The recruiting landscape has changed significantly over the past decade. Just over a decade ago the world of e-cruiting was beginning to emerge as classified ads became replaced with online postings and job boards. Here we are a decade later and a new world of social networks like MySpace and Facebook, as well as, professional networks like LinkedIn and Xing are the newest weapons in the talent war. An integral recruiting strategy will encompass the best in online recruiting approaches, a comprehensive college recruiting program and traditional methodologies of direct competitive sourcing though internal or third party recruiters.
Just as a construction company must use different methods to find clients for their services so must they use different methods to find the right candidates for their positions. Different industries, functions, levels, and geographical areas will necessitate different approaches and mediums. The most important point that must never be forgotten, however, is that the ideal candidate is probably not looking for a job. They are happy with and feeling valued by their current company. That said, they are always receptive to considering a potentially career enhancing opportunity. As such, the approach must seek to attract the buyer first and then qualify second. Unfortunately, many approaches tend to do the opposite in their attempt to screen out the undesirables. While they may minimize the number of unqualified candidates they also have an unfortunate and unintended consequence of weeding out the best ones.
For instance, imagine if an ad agency created a marketing ad for Crest toothpaste that first qualifies those who have authority and financial means to purchase then describes to the audience what they want to sell and what they want from their buyers then they sell their product. The ad agency would be fired immediately yet how often have we seen job ads that read like a menu of what the company wants and a tiny blurb on what the company has to offer in order to attract whom they want?
The recruiting landscape is rapidly changing and in order to maintain a competitive advantage in the ongoing battle for the best and brightest, management, human resource departments and recruiters will need to continually look for new and creative ways of targeting and approaching their future talent. The one thing must never change is that companies must always seek to attract the ideal candidate first and screen them second.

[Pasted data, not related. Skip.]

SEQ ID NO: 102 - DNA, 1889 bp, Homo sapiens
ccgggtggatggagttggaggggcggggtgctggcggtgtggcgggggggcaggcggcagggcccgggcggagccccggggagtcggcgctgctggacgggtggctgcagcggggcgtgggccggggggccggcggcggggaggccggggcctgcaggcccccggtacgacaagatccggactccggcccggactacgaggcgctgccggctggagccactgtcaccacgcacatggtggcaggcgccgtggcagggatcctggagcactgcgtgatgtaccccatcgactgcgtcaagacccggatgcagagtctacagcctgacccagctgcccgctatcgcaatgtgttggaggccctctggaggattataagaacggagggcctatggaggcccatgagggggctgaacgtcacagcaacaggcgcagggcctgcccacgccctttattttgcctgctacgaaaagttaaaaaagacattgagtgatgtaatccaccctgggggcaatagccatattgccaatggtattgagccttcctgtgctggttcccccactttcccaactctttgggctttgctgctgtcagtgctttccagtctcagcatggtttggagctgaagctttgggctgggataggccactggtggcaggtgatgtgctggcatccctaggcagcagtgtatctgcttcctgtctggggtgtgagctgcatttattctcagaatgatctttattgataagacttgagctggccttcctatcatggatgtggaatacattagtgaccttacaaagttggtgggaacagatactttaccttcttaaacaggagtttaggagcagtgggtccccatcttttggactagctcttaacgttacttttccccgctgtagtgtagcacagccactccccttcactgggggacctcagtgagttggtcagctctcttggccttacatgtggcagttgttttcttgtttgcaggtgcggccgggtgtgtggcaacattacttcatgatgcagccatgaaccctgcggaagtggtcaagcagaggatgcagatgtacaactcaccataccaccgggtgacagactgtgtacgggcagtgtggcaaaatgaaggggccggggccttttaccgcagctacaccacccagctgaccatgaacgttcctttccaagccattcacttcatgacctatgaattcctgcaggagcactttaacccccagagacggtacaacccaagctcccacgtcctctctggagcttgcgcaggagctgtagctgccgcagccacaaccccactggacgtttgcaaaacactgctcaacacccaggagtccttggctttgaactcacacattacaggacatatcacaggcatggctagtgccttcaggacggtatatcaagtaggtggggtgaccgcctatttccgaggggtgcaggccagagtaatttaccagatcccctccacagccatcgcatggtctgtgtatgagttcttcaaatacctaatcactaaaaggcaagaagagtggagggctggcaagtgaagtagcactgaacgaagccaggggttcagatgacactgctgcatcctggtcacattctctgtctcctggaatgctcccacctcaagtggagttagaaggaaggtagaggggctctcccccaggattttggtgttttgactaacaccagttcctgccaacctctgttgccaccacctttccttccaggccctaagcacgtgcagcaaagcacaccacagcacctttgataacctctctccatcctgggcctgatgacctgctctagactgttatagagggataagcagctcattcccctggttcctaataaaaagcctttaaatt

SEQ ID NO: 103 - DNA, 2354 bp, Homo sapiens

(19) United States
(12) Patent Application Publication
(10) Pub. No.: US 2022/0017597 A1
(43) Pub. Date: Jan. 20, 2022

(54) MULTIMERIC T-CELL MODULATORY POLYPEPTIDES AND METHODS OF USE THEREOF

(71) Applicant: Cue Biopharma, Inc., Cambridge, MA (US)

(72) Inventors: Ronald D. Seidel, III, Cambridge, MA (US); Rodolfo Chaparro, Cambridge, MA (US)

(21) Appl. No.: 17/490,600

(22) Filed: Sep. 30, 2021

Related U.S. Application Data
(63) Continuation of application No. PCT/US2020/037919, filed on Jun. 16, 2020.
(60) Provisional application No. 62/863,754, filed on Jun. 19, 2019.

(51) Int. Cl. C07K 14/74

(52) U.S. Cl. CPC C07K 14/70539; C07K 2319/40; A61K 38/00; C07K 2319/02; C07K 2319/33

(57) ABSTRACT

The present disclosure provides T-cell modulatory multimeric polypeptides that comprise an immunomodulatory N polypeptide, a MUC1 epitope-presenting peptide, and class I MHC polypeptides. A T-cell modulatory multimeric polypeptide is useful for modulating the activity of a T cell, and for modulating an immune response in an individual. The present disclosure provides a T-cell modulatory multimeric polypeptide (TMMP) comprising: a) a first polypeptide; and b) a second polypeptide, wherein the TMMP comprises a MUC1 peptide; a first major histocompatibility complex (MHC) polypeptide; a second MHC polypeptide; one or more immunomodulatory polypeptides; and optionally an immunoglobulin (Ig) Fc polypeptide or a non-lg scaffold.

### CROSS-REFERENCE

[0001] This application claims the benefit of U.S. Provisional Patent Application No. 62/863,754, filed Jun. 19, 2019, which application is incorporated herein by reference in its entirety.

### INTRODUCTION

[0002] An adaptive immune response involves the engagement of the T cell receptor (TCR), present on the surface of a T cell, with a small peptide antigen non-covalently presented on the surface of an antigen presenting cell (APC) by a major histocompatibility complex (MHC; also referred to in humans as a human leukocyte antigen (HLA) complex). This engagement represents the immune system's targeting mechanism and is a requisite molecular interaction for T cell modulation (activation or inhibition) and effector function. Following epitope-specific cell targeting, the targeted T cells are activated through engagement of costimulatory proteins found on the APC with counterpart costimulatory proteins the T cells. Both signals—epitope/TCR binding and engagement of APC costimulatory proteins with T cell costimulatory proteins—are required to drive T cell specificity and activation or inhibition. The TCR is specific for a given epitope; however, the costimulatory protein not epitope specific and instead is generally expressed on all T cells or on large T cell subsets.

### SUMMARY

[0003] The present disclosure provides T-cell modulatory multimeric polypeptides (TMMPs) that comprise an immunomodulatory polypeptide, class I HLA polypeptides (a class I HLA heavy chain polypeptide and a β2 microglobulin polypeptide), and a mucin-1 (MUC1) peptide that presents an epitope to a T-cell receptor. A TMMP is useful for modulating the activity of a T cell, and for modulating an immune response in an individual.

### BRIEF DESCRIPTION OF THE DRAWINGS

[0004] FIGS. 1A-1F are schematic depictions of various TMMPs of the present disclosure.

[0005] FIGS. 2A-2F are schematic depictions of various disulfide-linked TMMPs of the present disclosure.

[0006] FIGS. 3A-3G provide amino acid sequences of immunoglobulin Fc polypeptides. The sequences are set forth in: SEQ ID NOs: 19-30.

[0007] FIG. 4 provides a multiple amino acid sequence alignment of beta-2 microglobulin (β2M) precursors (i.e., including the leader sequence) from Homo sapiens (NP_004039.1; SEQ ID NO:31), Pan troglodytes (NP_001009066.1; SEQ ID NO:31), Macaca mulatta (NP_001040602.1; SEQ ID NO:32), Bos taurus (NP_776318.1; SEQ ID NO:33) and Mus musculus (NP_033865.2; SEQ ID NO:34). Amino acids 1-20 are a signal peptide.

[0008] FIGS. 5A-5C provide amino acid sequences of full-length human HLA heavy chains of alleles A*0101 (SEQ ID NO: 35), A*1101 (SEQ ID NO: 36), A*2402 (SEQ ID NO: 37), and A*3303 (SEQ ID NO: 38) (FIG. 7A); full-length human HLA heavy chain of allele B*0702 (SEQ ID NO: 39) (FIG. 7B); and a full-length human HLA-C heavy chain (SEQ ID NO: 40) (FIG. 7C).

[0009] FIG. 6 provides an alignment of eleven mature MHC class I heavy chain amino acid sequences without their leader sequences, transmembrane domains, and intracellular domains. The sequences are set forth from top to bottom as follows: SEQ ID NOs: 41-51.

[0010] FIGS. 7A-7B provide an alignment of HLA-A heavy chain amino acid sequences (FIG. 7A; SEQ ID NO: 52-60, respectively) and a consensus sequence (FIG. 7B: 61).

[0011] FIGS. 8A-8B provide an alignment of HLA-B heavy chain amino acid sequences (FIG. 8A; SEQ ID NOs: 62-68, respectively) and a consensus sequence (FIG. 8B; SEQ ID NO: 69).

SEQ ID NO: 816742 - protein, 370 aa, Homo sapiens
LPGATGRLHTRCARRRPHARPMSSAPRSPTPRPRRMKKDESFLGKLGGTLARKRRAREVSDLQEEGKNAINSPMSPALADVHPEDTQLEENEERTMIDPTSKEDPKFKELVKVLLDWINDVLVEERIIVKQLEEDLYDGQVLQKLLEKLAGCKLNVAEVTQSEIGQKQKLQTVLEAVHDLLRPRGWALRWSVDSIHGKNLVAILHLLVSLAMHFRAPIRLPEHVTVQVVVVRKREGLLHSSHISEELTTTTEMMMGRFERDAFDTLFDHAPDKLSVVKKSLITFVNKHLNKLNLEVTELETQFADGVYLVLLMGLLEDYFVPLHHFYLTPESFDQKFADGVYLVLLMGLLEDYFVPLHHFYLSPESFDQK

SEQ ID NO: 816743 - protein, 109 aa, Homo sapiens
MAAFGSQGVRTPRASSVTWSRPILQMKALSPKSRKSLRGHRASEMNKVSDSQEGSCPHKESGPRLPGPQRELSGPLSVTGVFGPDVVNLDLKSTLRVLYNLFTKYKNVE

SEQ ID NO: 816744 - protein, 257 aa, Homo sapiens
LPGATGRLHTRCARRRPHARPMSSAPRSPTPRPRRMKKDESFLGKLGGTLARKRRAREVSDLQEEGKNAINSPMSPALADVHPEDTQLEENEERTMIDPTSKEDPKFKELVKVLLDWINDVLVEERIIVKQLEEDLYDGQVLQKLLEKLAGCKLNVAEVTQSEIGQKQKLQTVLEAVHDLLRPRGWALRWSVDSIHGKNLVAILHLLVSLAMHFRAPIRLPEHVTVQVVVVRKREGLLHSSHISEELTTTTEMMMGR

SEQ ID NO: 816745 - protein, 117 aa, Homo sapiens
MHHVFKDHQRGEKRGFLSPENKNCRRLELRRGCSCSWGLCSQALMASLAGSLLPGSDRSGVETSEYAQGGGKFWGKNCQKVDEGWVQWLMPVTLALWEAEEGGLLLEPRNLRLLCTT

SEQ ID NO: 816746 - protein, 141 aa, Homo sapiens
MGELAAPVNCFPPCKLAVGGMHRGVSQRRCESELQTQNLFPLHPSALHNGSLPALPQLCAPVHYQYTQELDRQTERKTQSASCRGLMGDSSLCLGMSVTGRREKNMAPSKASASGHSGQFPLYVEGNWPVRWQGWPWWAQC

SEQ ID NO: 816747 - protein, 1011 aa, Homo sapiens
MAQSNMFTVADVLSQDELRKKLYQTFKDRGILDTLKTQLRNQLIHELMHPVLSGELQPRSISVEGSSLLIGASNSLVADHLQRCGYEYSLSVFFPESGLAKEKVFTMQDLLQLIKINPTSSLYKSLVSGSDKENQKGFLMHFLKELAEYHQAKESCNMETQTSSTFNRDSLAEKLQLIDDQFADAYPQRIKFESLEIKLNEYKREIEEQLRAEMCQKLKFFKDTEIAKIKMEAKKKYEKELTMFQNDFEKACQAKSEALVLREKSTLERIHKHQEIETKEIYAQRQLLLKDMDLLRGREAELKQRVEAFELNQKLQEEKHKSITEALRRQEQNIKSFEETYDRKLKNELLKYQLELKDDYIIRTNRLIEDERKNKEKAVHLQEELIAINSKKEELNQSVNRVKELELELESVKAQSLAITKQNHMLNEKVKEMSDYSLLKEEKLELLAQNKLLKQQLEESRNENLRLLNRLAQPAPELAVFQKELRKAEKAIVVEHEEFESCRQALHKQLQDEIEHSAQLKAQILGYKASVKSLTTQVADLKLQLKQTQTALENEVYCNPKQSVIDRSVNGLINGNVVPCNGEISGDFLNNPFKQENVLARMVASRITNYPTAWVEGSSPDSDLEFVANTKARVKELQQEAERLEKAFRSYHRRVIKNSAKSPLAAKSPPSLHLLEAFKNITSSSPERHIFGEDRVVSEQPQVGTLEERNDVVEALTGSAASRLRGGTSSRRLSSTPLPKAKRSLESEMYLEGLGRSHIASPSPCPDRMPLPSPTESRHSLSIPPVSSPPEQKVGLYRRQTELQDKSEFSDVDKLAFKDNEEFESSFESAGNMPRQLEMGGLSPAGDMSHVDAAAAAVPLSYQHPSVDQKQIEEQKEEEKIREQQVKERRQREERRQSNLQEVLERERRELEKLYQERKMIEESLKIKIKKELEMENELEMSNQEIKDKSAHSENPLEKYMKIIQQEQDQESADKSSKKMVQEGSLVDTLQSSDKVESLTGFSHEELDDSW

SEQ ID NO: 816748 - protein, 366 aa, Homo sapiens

The Pareto principle, also known as the 80/20 rule, postulates that 80% of effects comes from 20% of the causes. I believe that in the case of talent, the percentages are perhaps even more divergent. If that is the case and people are a company's most precious asset, then the most important sales and marketing campaign for a company is the one directed at securing their future superstars and hall of famers. Staying abreast of the newest trends and approaches while continuing to develop deeper competencies in the successful methods of the past is critical. Continuing education and ongoing training for every individual in the field of human capital is the greatest weapon in the ongoing war for talent. Don't be fooled by the short-term stories of the softening labor market. Most professional markets are still facing a shortage however, in time, even the soft ones will rebound. This will provide great job security for anyone who understands and can implement effective recruiting strategies!
Jeff Wittenberg is the Chief Leadership Officer of Kaye/Bassman. His firm is the largest single-site search firm in the U.S. and has won national awards for philanthropy and workplace flexibility. His firm has also been named "The #1 Best Place to Work in Dallas/Fort Worth" in 2005, 2007 and 2008, as well as, "The #1 Best Company to Work For in Texas" in 2006, 2007 and 2008. Jeff is considered an industry expert in executive, professional, and technical search and retention and has been featured in international training meetings and videos. Kaye/Bassman's partners have appeared on local and national television including CNN, FOX, Bloomberg and NBC and have been quoted in dozens of publications including USA Today, Wall Street Journal, Business Week, and Fortune.